TCP Checksum could be deemed as one of the weakest non-cryptographic checksums, and yet it continues to be there, undisputed. Sometimes edge-systems even have it turned off for performance reasons, counting on the application checksums for integrity; while other systems like gateways and servers have them offloaded to the network interface card (NIC), mostly because the functionality exists. The question is, does it really serve any purpose in today’s date? It does, very little.
The checksum field is the 16 bit one’s complement of the one’s complement sum of all 16-bit words in the header and text. If a segment contains an odd number of header and text octets to be checksummed, the last octet is padded on the right with zeros to form a 16-bit word for checksum purposes. The pad is not transmitted as part of the segment. While computing the checksum, the checksum field itself is replaced with zeros.
Continue reading “TCP Checksum: The Fault in the Stars”
The very nature of the floating IPs can lead to some classical quirks in a distributed system network. This discussion mainly focuses on IPv6, and how its duplicate IP detection mechanism can clash with the floating IP technique.
Floating IPs are a common scenario in Highly Available or Scaled-out Distributed Systems. The basic idea behind it is to have a transient IP address that can move from one node to another, keeping the change of serving-node transparent on the access-side of the network. For instance, if there are two server machines, each represented by an unique IP, and one of them goes down, then its IP address “floats” to the other server which will henceforth process the client requests. This technique is widely used to provide seamless transition from one serving-node to another in case of failures. One such implementation is present in OpenStack Nova.
On the other hand, Duplicate Address Detection (DAD) is a mechanism to identify if same IP is assigned to multiple nodes in a local network. It is implemented using the Neighbor Discovery Protocol (NDP) under IPv6. It uses the Neighbor Solicitation (NS) and Neighbor Advertisement (NA) messages. The operation is applicable to all the IPs that are link-local. More specifically:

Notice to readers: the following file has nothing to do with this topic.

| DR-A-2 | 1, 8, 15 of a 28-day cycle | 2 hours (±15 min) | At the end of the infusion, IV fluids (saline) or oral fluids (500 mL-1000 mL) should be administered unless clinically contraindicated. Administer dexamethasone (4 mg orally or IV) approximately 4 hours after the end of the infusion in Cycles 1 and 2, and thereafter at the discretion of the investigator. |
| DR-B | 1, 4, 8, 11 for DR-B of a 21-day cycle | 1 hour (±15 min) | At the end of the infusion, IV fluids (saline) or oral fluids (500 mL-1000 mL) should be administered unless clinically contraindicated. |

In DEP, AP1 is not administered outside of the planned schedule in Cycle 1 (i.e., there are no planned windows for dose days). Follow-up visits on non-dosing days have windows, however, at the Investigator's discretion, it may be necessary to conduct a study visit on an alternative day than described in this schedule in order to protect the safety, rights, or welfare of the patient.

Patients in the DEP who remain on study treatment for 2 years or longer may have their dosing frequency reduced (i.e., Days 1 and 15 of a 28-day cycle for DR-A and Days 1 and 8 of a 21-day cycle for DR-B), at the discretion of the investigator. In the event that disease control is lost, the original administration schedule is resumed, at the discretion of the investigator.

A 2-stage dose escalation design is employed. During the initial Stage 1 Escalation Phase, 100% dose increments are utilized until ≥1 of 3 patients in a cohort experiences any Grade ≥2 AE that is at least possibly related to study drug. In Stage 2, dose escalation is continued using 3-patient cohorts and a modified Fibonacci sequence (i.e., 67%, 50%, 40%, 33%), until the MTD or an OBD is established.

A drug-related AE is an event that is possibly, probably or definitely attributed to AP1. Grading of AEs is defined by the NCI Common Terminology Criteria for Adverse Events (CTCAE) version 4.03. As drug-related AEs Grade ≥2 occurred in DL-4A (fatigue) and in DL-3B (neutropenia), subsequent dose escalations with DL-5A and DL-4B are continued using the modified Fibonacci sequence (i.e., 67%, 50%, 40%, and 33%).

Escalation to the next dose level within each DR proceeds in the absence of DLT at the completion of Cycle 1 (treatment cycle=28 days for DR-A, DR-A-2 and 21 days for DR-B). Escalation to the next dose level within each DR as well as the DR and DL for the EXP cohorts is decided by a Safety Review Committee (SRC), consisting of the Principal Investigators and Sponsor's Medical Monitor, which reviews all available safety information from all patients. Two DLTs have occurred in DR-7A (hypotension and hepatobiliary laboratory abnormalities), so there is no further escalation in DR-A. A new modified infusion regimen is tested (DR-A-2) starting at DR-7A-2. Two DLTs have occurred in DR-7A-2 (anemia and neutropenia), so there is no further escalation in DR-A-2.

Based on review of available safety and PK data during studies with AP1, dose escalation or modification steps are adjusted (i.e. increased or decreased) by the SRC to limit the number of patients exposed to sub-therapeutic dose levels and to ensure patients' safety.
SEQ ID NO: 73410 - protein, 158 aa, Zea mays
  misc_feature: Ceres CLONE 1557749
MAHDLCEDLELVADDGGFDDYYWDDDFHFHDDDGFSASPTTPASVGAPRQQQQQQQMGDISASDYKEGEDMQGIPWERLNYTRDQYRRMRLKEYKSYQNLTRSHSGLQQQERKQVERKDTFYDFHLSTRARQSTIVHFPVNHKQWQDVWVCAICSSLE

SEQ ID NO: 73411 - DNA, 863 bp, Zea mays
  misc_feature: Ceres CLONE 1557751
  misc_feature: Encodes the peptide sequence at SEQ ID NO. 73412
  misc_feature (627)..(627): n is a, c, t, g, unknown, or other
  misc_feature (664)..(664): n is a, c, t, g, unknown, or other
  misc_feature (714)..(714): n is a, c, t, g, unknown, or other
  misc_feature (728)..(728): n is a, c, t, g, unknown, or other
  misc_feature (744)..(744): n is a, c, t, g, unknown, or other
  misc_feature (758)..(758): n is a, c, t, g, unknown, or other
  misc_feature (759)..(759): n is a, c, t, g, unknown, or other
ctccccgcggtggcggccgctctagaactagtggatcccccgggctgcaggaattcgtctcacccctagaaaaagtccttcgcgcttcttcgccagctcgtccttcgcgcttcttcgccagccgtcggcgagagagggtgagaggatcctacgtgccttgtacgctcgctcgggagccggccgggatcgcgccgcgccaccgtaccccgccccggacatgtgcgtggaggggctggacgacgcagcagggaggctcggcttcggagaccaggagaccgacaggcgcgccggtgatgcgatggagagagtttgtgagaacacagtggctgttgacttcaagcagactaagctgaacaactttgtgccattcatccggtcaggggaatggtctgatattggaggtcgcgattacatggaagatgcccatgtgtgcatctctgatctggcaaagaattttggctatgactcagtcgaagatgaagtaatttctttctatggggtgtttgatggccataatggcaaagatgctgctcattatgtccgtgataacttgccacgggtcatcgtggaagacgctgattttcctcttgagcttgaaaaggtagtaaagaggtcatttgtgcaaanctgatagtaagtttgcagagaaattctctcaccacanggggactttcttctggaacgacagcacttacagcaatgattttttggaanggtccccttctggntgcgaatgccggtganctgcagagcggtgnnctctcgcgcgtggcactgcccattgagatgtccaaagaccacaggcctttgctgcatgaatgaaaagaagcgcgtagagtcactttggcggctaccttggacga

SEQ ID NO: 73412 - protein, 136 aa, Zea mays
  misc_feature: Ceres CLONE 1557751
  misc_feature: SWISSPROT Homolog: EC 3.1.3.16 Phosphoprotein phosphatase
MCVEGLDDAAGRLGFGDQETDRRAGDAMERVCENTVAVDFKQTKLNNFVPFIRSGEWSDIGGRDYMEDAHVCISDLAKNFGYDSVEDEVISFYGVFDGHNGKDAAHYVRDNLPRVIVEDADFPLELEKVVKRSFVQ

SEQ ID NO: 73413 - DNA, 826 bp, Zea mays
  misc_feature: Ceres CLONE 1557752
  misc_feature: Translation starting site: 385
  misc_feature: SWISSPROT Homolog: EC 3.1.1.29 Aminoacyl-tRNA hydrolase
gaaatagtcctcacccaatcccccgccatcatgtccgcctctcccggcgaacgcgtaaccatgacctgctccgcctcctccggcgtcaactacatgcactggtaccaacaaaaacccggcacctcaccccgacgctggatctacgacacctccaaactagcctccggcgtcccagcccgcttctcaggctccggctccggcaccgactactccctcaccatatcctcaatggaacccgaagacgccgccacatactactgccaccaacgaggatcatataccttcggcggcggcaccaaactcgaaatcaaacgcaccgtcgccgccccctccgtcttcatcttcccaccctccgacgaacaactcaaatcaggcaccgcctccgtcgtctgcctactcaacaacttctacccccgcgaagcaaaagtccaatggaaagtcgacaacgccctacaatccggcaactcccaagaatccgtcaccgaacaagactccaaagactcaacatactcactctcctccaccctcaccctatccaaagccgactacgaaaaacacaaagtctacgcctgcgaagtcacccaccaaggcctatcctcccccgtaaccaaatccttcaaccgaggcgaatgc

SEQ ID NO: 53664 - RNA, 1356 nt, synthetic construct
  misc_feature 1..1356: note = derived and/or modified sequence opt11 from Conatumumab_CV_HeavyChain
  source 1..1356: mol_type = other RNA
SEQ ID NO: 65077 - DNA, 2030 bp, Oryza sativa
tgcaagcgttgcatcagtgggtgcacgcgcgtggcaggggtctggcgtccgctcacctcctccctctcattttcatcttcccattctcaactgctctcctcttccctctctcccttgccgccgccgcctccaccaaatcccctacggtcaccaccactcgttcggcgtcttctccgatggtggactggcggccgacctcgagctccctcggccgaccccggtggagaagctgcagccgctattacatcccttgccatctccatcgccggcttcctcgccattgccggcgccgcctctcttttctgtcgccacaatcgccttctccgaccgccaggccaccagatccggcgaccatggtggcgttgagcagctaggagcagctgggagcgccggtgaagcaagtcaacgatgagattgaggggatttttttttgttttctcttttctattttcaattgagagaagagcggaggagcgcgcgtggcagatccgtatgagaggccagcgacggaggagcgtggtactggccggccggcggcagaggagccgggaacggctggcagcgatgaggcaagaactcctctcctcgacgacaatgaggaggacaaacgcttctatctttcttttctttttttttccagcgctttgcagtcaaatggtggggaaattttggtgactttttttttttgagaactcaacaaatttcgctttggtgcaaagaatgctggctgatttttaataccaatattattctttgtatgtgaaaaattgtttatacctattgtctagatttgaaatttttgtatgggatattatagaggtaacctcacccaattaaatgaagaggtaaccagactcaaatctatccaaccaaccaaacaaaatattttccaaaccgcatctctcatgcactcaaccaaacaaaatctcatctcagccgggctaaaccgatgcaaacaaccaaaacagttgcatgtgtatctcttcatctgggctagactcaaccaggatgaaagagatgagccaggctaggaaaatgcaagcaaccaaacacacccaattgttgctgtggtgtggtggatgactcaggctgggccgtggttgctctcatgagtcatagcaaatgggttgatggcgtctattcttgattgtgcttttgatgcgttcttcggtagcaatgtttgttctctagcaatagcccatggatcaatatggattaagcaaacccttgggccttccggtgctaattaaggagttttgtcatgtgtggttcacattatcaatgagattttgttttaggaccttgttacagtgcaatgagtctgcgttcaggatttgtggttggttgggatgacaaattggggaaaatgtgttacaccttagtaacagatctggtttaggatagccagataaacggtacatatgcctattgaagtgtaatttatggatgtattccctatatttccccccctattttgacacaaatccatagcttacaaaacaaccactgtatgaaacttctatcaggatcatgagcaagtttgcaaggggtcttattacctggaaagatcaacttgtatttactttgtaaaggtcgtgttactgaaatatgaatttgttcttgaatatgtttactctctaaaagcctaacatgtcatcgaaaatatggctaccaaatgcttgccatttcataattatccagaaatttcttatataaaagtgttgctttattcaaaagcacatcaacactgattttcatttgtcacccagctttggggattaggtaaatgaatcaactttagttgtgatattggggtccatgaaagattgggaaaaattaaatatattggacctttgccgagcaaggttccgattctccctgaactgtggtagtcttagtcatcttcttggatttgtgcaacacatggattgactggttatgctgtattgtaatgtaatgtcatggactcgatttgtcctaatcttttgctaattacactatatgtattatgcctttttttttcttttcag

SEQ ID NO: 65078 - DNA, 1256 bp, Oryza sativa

- all the IPs that fall under the link-local address-family
- all the IPs that fall under global address-family but are present on the same LAN (one hop away on the link)
Continue reading “IPv6: Floating IPs and Duplicate Address Detection”
Although the Linux kernel implements RFC 2385 as TCP_MD5SIG socket option, there are no man page entries describing the functionality and the usage, for kernel as well as user-space. The setsockopt() is a straightforward API, however, the prerequisites or constraints put by the RFC makes it a bit tricky to use. It was meant to put a check on authenticity, although it could also be transparently used for data integrity, where the TCP checksum is not good enough!
RFC 2385 talks about “Protection of BGP Sessions via the TCP MD5 Signature Option”. It was proposed way back in 1998 to avoid the BGP from spoof-attacks wherein the attacker can forge the TCP segments. By adding MD5 signature as a TCP Option (Type #19), this spec provides a mechanism to vouch on the authenticity of the sender and data. The MD5 signature is computed using a pre-shared key between the client and the server.
The socket option TCP_MD5SIG saves a mapping of the pre-shared MD5 key against the corresponding peer endpoint. It is mandatory to bind the client to a particular IP and port known to the server. The setsockopt() must be called on the listen socket of the server and the connection socket of the client, before the connect() gets called from client.
Continue reading “TCP_MD5SIG: An Undocumented Socket Option in Linux”